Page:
Dearest Blog: Yesterday it was off to Marquee Cinemas for a pair of strange bedfellows: The Infiltrator and Ghostbusters.
Spoiler level here will be mild, nothing you wouldn't know from the trailers. First on the docket: The Infiltrator.
A US Customs officer launches a dangerous undercover mission to catch one of the world's top drug kingpins.
It is both a blessing and a curse that The Infiltrator is good, but not special. In an age where the Internet has no problem convincing people they hate films they haven't even seen yet, being neither great nor terrible enough to be buzzworthy isn't necessarily a bad thing.
Still, structured as it is around a decorated actor (Bryan Cranston) in a role tailor-made to earn him more hardware, the tense tale ultimately can't help feeling a little disappointing. Cranston is solid in the lead, but it's John Leguizamo who steals the show as his loose-cannon partner. Diane Kruger, Benjamin Bratt, and Joseph Gilgun are also terrific in supporting roles.
Characters are well fleshed out, so that even the worst earn a bit of sympathy. Focusing on the money side of the illegal narcotics trade, The Infiltrator is less sensational than movies that detail the gorier realities of drug running, but the intense plot has no trouble holding your attention. Sadly, if it's details that elevate a good movie to great, that's where The Infiltrator fails.
Some of the direction is decidedly amateurish, with too-obvious foreshadowing and lingering frames that almost stray into comic territory. Hairstyles, fashions, and music are sometimes not correct for the picture's 1985 setting. There's no obvious filler, but the movie runs a hair too long and drags noticeably in the second act.
The Infiltrator clocks in at 127 minutes and is rated R for "strong violence, language throughout, some sexual content, and drug material." The Infiltrator boasts strong performances and well-definted characters, offering solid "grown-up" counterprogramming on a blockbuster family-release weekend.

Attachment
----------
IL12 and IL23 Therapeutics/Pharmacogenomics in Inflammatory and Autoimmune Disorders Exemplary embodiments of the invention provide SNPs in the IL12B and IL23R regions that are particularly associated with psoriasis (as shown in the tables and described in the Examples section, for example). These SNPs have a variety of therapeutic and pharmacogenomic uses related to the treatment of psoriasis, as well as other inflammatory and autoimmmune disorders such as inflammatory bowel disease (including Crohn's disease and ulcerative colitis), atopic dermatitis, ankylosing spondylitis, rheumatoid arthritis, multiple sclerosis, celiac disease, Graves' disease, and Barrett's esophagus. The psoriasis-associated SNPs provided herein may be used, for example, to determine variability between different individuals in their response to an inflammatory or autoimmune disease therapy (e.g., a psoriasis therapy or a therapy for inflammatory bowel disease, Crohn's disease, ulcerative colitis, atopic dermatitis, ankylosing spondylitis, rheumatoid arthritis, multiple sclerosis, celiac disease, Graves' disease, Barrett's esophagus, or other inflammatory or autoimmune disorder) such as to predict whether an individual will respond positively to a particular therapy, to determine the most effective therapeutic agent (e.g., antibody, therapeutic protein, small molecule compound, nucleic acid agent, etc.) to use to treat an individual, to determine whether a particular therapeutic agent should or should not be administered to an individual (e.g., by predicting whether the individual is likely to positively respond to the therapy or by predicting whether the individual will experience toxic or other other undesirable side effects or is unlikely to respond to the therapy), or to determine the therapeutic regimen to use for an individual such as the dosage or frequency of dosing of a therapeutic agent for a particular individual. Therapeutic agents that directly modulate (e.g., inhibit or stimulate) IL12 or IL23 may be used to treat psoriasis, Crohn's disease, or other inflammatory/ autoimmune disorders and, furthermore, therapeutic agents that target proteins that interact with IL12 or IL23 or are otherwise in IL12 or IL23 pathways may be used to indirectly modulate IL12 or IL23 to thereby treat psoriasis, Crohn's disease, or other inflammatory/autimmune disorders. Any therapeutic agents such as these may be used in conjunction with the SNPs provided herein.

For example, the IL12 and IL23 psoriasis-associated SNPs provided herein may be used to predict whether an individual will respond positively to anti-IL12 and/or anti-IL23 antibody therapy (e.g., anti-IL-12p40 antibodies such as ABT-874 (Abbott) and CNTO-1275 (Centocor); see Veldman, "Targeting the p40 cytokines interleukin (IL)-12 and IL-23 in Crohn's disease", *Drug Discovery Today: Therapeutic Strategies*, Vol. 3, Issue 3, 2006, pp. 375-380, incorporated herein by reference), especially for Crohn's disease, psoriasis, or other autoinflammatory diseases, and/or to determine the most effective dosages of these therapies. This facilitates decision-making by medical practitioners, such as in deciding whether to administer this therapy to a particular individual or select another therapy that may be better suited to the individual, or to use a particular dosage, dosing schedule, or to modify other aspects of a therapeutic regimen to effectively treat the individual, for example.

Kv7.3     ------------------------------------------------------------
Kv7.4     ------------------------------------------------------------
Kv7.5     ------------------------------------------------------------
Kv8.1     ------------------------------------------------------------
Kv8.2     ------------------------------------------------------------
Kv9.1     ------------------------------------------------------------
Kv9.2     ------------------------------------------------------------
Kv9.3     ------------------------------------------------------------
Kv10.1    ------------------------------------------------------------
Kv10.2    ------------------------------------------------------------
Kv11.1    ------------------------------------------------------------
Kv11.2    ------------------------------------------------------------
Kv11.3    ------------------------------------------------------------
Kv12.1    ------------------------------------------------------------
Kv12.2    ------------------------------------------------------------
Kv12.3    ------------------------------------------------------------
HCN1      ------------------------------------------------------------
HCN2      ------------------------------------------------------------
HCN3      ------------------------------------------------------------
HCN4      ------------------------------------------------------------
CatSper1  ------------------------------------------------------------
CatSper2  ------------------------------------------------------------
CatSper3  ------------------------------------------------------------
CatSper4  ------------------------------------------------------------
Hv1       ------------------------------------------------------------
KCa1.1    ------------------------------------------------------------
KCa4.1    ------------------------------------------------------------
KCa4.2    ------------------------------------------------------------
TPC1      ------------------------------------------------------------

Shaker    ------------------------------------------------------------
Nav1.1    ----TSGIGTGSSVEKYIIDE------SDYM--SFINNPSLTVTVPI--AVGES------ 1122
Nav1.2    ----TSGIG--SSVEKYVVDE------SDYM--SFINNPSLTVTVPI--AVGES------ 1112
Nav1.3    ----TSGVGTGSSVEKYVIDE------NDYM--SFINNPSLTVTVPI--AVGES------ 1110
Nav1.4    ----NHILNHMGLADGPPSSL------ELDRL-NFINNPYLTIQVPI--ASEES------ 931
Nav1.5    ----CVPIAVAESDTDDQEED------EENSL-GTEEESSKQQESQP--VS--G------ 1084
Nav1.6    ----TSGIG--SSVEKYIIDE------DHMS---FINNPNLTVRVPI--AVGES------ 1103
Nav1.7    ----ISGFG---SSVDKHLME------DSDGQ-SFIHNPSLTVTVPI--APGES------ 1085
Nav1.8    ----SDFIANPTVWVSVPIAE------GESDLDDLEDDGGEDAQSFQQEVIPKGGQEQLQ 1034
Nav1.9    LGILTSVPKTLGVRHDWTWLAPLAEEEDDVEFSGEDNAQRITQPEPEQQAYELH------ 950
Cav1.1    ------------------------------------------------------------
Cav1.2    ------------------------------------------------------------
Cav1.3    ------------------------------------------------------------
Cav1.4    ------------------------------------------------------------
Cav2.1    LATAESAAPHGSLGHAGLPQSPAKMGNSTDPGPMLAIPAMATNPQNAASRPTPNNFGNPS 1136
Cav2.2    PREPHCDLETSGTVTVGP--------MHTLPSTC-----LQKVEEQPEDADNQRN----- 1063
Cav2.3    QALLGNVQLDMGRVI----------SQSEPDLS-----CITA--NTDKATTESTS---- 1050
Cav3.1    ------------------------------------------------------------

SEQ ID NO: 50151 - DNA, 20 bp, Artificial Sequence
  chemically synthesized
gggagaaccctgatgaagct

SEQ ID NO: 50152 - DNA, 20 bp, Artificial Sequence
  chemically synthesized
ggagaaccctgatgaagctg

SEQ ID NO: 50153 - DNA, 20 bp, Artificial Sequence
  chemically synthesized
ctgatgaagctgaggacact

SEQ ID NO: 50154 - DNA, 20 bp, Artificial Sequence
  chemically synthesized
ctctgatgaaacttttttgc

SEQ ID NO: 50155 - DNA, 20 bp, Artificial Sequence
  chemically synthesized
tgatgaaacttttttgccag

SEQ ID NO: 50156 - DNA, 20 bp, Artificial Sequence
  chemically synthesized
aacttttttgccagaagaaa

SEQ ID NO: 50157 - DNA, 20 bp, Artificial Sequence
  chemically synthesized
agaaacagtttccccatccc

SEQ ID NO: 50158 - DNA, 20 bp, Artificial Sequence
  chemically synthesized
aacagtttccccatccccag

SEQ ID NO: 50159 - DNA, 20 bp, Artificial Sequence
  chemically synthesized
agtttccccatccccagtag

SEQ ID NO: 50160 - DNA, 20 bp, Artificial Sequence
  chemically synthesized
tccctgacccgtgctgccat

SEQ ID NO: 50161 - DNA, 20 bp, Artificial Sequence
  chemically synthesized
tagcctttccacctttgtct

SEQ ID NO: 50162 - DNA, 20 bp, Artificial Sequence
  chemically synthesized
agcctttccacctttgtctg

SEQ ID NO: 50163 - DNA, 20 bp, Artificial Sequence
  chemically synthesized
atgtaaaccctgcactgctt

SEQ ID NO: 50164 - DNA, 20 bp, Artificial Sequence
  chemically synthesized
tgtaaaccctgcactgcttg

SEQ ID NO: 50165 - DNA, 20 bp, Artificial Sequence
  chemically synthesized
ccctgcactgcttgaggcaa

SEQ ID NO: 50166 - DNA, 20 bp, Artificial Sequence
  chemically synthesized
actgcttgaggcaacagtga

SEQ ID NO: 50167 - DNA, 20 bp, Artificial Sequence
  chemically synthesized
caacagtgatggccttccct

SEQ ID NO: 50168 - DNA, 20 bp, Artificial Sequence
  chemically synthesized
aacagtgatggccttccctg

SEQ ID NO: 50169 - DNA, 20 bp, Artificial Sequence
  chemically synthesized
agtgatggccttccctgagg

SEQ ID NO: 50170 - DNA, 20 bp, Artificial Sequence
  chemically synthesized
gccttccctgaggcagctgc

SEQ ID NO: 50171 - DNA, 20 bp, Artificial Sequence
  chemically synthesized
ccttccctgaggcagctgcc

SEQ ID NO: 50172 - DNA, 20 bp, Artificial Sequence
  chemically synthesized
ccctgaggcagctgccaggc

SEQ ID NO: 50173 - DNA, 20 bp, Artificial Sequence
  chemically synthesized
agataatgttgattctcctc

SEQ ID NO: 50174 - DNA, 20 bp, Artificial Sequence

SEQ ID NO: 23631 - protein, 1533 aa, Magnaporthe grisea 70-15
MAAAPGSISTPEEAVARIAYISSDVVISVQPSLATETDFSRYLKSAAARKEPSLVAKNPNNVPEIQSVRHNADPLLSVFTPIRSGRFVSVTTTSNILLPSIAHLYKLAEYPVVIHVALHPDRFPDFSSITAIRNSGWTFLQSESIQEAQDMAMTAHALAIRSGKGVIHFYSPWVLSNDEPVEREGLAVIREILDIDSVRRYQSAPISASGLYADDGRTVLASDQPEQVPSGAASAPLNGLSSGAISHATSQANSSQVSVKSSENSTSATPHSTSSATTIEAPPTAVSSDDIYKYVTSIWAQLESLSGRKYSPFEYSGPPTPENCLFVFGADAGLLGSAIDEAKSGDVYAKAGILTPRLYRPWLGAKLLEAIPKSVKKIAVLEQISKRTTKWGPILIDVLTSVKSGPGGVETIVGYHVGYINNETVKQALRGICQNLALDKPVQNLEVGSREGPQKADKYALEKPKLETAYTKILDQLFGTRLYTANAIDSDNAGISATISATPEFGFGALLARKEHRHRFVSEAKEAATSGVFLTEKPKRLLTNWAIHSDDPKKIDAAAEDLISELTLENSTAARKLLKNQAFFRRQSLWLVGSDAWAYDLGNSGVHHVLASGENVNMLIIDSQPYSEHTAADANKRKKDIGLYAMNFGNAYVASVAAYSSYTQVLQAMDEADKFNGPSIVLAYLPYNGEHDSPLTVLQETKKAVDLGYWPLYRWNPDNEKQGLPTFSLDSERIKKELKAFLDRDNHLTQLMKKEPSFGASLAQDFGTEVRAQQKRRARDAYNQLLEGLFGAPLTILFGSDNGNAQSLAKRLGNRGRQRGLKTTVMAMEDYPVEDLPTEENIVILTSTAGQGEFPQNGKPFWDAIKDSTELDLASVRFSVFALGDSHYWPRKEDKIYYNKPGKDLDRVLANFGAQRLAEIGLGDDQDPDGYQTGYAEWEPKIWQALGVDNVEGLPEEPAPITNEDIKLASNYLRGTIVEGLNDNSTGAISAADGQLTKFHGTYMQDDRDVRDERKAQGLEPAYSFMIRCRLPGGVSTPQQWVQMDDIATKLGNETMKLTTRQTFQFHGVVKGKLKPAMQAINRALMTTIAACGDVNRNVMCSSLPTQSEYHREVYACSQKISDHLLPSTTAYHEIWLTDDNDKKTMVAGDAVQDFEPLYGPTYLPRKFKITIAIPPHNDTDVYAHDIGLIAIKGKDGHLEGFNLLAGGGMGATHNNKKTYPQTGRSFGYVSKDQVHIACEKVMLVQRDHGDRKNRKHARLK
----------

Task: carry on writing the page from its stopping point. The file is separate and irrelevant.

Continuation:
Of a possible nine Weasleys, The Infiltrator gets six and a half. Fangirl points: Jason Isaacs!
Next up: the poliarizing reboot of Ghostbusters, a.k.a. why it's best to ignore Internet trolls. Three scientists, an MTA employee, and the world's best-looking receptionist team up to quash a ghost infestation in New York.
Dear Reader(s): We all have things we love enough to drive us past the point of reason. I am no stranger to this phenomenon, and, thus, in my presence it is best not to speak of that unfunny, unholy, disrespectful dumpster fire that is 2004's Starsky & Hutch. Herein I shall attempt to give even the staunchest fan of the original Ghostbusters a few reasons why 2016's Ghostbusters is NOT 2004's Starsky & Hutch.
Ghostbusters is a well-and-truly funny comedy, with laugh-out-loud moments throughout. Rather than bastardizing beloved characters, it reboots with new ones. Kristin Wiig and Melissa McCarthy are delightful as estranged friends reunited by the spirit crisis; their chemistry is fantastic. Leslie Jones' wisecracks and physical comedy provide the movie's funniest moments, and Chris Hemsworth is perfect as the dopey but ridiculously-hot office assistant.
There's nostalgia aplenty for those who want it, in faces both living and undead, the recurring Ghostbusters theme, and that very familiar logo.
Though rarer than laughs, there are a fair few proper scares to be had as well. The movie boasts super effects and 3D that is not just worthwhile, but great! Ghosts run the gamut from pretty terrifying to pretty hilarious. The comedy slows up a bit in the movie's second act, displaced by some fun, well-executed action sequences.
Only Kate McKinnon's character, Jillian Holtzman, is a weak link, so jarringly off that every appearance becomes an unfortunate distraction. Writers and actress must share blame for bringing to life possibly the most irritating character I've ever seen on the silver screen (and, yes, I'm including Jar-Jar Binks in that equation).
Ghostbusters runs 116 minutes and is rated PG13 for "supernatural action and some crude humor." Ghostbusters is a uniformly funny movie with a great cast and terrific effects. Only that rare individual who strongly feels Chris Hemsworth is better used in something like Black Hat wouldn't find something to enjoy here.
Of a possible nine Weasleys, Ghostbusters gets seven and a half.
Fangirl points: Michael Kenneth Williams and one teeny glimpse of my beloved Shubert Theatre!
Until next time...